She may be 49 and in her 19th season on the LPGA Tour, but Lorie Kane isn’t anywhere close to retirement.
The popular Charlottetown native will still draw big galleries while playing at next week’s Canadian Pacific Women’s Open in London, Ont. – she’s the tournament ambassador, the one asked to visit children in a London Hospital when she was in town recently. And longer term, she’s hoping to compete for a spot on Canada’s 2016 Olympic golf team.
Such optimism isn’t unusual from the positive-minded Kane, who has four LPGA Tour victories and 99 top-10 finishes in her career, and currently sits 23rd on the tour’s career money list with nearly $7-million in earnings. But she will be a long-shot to contender in London. She is 13 years removed from her last LPGA triumph, and has made the cut in only three of the 10 LPGA events she has played this season. She plays many Legends Tour events these days, finishing the 2013 season as the 45-and-older circuit’s top money-winner with a total of $103,333.
Still, she continues to hone her swing under Sean Foley, who’s best known for his work with Tiger Woods, in hopes of staying competitive. She also lost three dress sizes in recent years after following the Weight Watchers program and an ambitious exercise regimen under a personal fitness trainer. She marvels at the improvement she feels in her hips, both of which gave her great pain five years ago.
“I’m over the moon with how I’m feeling now, and I just need the results to match up on the golf course,” said Kane by phone from Orlando, where she’s based. “I never like to look back, but I wonder how much better I could have been had I decided to do this 15 or 20 years ago. I was very happy where I was 20 years ago and I’ve had lots of success, but I’ll be better off for the effort I’ve put in with my fitness.”
Golf will be included in the 2016 Summer Games for the first time since 1904. It will include men’s and women’s individual events, which will each have 60 players each. Those players will be determined largely by their standing on the world golf rankings as of July 11, 2016, but no country may have more than four competitors. Countries such as Canada that don’t have more than two golfers in the world’s top 15 will get a maximum of two entrants. Brooke Henderson of Smiths Falls, Ont. (197th in the women’s world golf rankings) and Alena Sharp of Hamilton (210th) would represent Canada if the Rio Olympics began now.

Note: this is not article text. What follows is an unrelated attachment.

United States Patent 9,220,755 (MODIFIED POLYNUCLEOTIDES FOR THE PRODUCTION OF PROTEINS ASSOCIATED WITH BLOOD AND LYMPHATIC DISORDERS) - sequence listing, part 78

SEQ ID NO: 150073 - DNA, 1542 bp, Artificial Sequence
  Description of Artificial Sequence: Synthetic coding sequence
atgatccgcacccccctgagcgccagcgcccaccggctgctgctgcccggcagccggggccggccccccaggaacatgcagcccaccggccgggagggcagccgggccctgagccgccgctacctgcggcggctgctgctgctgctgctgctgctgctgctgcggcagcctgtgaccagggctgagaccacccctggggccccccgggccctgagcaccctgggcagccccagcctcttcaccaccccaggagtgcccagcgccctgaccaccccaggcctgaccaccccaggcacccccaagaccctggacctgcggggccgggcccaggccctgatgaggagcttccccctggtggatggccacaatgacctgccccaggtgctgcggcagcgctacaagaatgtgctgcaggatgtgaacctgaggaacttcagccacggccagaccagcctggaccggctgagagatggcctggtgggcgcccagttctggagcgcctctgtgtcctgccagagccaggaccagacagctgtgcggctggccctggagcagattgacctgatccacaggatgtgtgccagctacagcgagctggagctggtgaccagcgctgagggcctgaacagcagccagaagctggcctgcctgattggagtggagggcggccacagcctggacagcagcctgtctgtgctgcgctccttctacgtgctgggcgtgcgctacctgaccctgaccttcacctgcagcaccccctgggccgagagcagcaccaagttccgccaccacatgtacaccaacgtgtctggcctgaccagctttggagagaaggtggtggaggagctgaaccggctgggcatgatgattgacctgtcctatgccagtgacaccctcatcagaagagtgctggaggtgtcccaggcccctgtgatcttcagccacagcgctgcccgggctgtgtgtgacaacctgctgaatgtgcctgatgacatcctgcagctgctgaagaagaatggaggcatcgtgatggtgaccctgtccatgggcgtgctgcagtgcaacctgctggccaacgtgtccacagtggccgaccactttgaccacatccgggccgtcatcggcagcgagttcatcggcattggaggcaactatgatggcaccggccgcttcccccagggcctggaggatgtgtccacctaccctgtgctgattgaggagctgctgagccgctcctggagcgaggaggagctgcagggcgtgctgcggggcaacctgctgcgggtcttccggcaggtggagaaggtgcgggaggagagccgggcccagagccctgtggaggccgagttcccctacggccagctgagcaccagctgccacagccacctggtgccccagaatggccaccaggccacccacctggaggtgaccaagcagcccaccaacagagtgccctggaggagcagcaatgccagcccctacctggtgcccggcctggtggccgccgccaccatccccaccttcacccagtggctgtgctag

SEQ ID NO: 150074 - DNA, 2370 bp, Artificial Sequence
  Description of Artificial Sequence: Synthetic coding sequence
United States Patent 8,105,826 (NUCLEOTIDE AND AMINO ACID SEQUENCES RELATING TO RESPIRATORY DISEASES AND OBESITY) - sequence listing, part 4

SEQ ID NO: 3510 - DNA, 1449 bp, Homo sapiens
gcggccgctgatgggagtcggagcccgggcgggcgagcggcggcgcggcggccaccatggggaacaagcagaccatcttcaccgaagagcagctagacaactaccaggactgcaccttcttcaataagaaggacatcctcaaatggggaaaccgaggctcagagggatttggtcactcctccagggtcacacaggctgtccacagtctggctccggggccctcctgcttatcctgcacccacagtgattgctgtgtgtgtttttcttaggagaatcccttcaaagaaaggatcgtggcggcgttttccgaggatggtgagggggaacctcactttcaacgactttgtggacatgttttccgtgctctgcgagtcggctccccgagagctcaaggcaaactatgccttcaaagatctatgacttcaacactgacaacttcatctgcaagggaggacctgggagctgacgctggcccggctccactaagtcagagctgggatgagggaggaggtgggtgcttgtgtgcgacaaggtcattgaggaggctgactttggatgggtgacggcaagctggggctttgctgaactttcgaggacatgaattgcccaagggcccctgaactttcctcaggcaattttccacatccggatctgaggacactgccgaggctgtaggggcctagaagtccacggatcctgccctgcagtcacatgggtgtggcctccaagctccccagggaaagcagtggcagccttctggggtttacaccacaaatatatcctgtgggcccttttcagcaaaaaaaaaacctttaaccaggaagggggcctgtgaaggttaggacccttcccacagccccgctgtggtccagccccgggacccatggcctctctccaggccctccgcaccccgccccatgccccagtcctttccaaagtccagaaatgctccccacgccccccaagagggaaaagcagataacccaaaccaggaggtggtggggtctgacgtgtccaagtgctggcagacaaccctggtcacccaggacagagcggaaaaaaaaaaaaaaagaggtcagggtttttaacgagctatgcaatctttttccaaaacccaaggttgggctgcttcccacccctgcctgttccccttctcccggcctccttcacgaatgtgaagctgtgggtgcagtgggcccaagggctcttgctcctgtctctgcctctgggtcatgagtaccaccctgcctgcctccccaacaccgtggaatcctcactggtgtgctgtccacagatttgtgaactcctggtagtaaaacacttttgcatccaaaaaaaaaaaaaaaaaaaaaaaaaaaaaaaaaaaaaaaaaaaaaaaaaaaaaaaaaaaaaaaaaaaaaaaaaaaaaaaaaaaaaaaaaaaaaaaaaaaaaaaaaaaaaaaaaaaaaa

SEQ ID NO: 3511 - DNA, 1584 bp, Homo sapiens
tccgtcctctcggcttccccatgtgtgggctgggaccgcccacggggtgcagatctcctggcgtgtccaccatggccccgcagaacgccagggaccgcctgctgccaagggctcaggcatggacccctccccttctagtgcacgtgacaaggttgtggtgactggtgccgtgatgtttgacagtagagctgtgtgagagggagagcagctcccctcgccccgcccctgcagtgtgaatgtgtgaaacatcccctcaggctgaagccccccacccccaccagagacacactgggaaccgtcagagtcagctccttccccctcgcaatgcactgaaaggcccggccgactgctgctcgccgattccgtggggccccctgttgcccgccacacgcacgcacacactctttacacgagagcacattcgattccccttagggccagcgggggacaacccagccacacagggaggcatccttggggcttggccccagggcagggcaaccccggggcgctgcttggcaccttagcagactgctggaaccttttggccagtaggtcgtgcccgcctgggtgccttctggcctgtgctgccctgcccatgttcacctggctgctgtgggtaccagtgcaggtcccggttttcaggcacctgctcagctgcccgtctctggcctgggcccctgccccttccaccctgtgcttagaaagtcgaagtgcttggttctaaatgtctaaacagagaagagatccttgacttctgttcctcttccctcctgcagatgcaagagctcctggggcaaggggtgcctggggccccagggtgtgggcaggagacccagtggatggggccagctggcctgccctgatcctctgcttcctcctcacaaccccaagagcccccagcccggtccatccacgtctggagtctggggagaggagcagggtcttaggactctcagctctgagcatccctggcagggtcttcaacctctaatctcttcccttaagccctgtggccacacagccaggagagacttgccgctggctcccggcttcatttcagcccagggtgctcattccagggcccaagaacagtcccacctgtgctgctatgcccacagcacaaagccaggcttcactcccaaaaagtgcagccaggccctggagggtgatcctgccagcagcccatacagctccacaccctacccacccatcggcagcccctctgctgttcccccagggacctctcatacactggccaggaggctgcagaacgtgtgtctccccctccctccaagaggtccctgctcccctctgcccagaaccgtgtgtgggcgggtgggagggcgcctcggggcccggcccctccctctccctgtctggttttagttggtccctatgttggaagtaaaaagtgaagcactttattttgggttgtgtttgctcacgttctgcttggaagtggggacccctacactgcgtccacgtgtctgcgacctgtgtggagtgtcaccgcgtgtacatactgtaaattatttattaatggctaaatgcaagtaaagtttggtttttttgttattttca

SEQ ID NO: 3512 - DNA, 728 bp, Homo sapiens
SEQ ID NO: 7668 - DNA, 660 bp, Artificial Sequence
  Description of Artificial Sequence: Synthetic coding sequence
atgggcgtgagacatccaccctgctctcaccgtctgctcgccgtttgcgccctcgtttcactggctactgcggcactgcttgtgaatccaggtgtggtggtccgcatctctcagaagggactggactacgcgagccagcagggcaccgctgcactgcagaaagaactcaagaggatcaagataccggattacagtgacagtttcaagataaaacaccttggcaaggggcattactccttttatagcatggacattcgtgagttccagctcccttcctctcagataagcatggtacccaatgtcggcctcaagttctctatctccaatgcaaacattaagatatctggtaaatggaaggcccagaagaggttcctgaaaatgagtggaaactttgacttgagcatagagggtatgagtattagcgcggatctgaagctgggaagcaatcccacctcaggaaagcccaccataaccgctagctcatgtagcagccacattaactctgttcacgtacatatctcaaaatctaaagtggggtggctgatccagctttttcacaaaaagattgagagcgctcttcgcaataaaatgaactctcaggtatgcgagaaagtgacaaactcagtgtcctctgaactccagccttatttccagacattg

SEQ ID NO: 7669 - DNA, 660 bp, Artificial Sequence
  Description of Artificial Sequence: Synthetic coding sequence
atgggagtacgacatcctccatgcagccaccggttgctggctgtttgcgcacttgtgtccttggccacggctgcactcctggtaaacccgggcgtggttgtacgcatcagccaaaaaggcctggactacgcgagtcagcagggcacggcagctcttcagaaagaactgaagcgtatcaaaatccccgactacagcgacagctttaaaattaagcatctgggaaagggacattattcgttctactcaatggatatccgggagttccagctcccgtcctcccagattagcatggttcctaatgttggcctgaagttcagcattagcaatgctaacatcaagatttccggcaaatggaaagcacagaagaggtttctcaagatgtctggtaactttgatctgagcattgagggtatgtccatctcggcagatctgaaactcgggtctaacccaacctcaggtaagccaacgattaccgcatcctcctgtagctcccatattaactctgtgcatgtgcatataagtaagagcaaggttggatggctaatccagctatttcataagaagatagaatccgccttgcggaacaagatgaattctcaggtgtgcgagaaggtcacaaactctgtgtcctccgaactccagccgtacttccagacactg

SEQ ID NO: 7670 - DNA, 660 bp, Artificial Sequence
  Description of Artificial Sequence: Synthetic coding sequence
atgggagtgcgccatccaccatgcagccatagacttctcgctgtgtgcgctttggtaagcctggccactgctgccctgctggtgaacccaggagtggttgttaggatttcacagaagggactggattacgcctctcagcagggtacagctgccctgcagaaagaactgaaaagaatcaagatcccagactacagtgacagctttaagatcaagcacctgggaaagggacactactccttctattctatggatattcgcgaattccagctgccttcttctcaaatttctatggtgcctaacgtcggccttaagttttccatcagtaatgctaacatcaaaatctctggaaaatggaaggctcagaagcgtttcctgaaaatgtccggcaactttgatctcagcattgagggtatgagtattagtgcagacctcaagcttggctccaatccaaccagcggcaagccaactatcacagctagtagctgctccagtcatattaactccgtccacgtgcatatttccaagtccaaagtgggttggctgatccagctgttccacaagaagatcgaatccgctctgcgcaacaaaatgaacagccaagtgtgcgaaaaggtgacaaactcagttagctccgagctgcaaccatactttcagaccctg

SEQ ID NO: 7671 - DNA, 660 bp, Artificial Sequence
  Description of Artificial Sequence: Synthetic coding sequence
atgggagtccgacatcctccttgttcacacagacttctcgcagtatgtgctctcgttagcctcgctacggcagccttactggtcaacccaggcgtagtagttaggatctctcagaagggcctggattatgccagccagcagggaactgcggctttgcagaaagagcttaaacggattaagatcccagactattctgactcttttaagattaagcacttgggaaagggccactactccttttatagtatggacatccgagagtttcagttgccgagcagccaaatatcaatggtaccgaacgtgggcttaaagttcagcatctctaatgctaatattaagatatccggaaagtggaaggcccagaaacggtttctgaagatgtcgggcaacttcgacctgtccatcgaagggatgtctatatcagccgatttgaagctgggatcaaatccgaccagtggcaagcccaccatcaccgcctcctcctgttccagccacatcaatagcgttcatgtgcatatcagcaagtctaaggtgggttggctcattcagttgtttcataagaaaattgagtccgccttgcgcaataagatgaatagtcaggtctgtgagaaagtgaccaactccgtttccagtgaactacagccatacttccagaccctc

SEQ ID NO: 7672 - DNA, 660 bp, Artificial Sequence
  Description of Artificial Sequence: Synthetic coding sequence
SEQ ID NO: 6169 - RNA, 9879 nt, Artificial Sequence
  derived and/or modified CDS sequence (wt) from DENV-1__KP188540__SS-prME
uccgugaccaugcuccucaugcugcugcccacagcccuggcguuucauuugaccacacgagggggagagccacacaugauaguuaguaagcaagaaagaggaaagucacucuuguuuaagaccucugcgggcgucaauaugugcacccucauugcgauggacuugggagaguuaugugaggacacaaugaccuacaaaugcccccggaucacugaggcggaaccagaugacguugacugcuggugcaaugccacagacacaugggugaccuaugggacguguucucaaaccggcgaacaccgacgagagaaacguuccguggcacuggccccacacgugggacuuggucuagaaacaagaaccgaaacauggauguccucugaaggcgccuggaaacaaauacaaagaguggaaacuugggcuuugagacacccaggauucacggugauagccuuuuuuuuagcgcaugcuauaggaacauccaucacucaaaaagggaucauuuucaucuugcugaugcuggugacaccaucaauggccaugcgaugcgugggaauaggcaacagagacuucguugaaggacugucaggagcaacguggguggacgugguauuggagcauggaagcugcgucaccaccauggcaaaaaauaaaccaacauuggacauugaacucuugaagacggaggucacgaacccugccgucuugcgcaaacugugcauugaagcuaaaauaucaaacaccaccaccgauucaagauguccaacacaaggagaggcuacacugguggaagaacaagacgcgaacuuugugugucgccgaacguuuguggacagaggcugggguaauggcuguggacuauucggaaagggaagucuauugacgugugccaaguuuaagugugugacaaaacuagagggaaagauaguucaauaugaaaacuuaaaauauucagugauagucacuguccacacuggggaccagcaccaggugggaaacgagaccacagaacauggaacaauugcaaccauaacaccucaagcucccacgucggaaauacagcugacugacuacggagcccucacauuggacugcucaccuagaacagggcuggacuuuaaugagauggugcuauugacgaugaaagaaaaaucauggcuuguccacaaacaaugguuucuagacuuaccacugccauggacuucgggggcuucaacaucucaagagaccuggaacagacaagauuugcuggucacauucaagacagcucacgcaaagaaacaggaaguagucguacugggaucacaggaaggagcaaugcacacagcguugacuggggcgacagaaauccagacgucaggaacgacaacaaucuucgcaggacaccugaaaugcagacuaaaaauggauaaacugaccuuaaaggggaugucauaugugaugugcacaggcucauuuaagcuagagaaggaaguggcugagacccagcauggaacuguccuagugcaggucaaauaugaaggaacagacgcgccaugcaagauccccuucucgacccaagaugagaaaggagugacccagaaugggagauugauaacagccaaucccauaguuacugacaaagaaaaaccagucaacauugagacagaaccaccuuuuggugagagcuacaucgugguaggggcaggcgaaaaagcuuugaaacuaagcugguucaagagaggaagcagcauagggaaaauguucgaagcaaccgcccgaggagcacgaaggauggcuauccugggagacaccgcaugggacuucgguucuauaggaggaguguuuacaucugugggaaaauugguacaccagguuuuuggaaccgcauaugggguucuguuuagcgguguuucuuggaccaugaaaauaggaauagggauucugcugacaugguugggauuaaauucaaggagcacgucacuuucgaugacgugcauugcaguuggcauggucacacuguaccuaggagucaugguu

“I certainly hope to be one of them,” said Kane, who is currently ranked 334th. “I know my form hasn’t showed the results I would like to see, but I have time to step it up. It will be really exciting to see what unfolds over the next two years of qualification and to see who is playing well and how we’re represented.”
Despite the age gap, Kane has forged a bond with Canadian golf’s rising star – 16-year-old Henderson, who lost in the 36-hole final of the U.S. Women’s Amateur Championship last weekend.
“Brooke and I have become good friends,” said Kane. “She sought me out. I’ve thoroughly enjoyed getting to know her and watching her career blossom.”
Both women will play the CP Women’s Open next week at London Hunt and Country Club. Kane has teamed up with CP on an initiative to raise money for children’s cardiac care at the Children’s Hospital, London Health Sciences Centre. For every $30 ticket purchased for the tournament, CP will donate $100 to the children’s health foundation.
“I visited the hospital and saw these tiny beds and children, and the visit made a real impact on me, listening to the doctors and nurses talk about what can be done to help keep these kids alive and help them thrive,” said Kane. “I often help raise money through charity, but rarely get to visit and see where the money is going. I jumped at this chance to leave a legacy in a community that will last long after the LPGA has played there.”Report Typo/Error